Power BI Stacked Column Chart Negative Values

Feb 20, 2024
Power BI Stacked Column Chart Negative Values
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Hi, I'm Tom Blessing. I'm an expert at helping small to mid-sized companies adopt Power BI. I'm also a recovering investment banker, with deep experience applying technology to otherwise manual data problems. I have dual degrees in Finance and Technology Management from Indiana University.

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In Power BI, stacked column charts are a popular choice for displaying data where you want to show both individual values and their cumulative totals.

However, when dealing with negative values in your data, creating a stacked column chart can present some challenges.

In this guide, I'll explore how to effectively handle negative values in stacked column charts in Power BI to ensure accurate and insightful data representation.

Understanding Stacked Column Charts

Before we dive into addressing negative values, let's briefly review what stacked column charts are and why they are valuable:

  1. Data Presentation: Stacked column charts are excellent for presenting data where you want to emphasize the composition of a whole and the contribution of individual components.

  2. Positive Values: When dealing with positive values, stacked column charts work seamlessly to display the total and the breakdown of categories.

  3. Negative Values Challenge: Negative values can complicate stacked column charts because they can lead to unexpected visual results and difficulties in interpretation.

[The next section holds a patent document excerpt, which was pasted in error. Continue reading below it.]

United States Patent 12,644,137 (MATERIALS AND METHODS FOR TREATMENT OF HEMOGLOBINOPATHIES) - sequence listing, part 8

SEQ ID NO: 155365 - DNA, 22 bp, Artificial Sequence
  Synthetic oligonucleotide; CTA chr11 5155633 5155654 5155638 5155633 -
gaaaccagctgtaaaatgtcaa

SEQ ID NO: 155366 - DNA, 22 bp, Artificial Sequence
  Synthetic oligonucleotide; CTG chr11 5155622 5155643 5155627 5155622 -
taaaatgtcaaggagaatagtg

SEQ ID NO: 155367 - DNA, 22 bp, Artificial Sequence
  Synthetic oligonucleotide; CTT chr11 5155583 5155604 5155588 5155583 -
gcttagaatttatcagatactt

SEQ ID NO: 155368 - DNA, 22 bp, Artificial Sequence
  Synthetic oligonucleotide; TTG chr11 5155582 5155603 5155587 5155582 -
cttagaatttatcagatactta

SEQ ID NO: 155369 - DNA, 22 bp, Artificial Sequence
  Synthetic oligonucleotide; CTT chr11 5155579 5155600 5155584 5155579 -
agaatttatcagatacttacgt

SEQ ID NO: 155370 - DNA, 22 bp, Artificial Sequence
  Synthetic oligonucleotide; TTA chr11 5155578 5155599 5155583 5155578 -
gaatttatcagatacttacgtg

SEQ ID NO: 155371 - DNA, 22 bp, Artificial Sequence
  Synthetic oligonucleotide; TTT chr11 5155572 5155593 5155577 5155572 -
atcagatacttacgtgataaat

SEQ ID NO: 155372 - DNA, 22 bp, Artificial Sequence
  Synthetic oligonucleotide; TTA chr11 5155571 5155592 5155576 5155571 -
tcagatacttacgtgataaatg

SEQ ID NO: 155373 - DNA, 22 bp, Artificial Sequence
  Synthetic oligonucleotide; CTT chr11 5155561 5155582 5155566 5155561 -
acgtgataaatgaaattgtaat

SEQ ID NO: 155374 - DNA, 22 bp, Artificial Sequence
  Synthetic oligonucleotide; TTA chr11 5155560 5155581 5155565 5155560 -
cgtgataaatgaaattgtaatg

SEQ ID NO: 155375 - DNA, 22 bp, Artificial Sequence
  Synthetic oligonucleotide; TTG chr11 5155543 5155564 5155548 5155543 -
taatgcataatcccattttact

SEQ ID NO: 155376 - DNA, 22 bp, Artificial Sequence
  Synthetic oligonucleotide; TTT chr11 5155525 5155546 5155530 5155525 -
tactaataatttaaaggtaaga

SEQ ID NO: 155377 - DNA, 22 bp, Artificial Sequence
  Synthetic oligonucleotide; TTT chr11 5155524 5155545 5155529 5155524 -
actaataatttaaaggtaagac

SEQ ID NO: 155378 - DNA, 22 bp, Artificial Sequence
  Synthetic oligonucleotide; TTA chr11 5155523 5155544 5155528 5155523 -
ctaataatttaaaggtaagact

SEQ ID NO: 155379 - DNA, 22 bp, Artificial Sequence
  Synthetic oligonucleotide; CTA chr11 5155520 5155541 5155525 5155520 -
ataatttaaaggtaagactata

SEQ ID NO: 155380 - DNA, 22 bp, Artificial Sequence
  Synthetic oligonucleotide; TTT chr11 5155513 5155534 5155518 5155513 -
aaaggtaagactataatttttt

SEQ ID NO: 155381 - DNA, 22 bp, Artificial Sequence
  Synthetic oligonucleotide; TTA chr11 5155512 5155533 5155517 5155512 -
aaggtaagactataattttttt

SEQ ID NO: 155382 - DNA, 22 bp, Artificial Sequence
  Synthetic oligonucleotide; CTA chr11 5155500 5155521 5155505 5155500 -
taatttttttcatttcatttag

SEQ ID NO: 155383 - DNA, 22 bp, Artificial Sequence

Now, let's explore some strategies to effectively handle negative values in stacked column charts:

The main approach I'd advocate is to represent both positive and negative values as separate columns within the same chart. Here's how you can do it:

  • Create a new column in your dataset that contains the absolute values of the data. 
    • Go to the Data pane and click on the table that contains your values. 
    • Using DAX, create an expression for the absolute value. Use this syntax: ColumnName = ABS('table'[field]). In the case of our specific example, it looks like this: ABSOLUTE = ABS('Values for Exercise'[Values]). 
  • In Power BI, use this new column for your stacked column chart. 
  • Add a separate series or legend to indicate whether values are positive or negative. To do this, we'll create an IF statement and then add it to the X-axis. Create another New Column and use this syntax:
    • Column Name = IF ('table'[field]<0,"Negative","Positive").
    • In the case of our specific example, it looks like this: Polarity = IF('Values for Exercise'[Values]<0, "Negative", "Positive").
    • Then, add the new column to the X-Axis of your chart. 

This approach allows you to show the magnitude of the values while distinguishing between positive and negative contributions.

Alternatively, if you want to show the negatives AS negatives, just ditch the Absolute column in favor of the "Values" column and show it like this:


Lastly, if you want to show everything as a sum in a single column, even if the negative values are buried in the data, you can remove the Polarity column. That would look like this: 


Handling negative values in stacked column charts in Power BI requires a thoughtful approach to ensure accurate and meaningful data representation.

By implementing these strategies, you can effectively handle negative values and create informative and insightful stacked column charts in Power BI.


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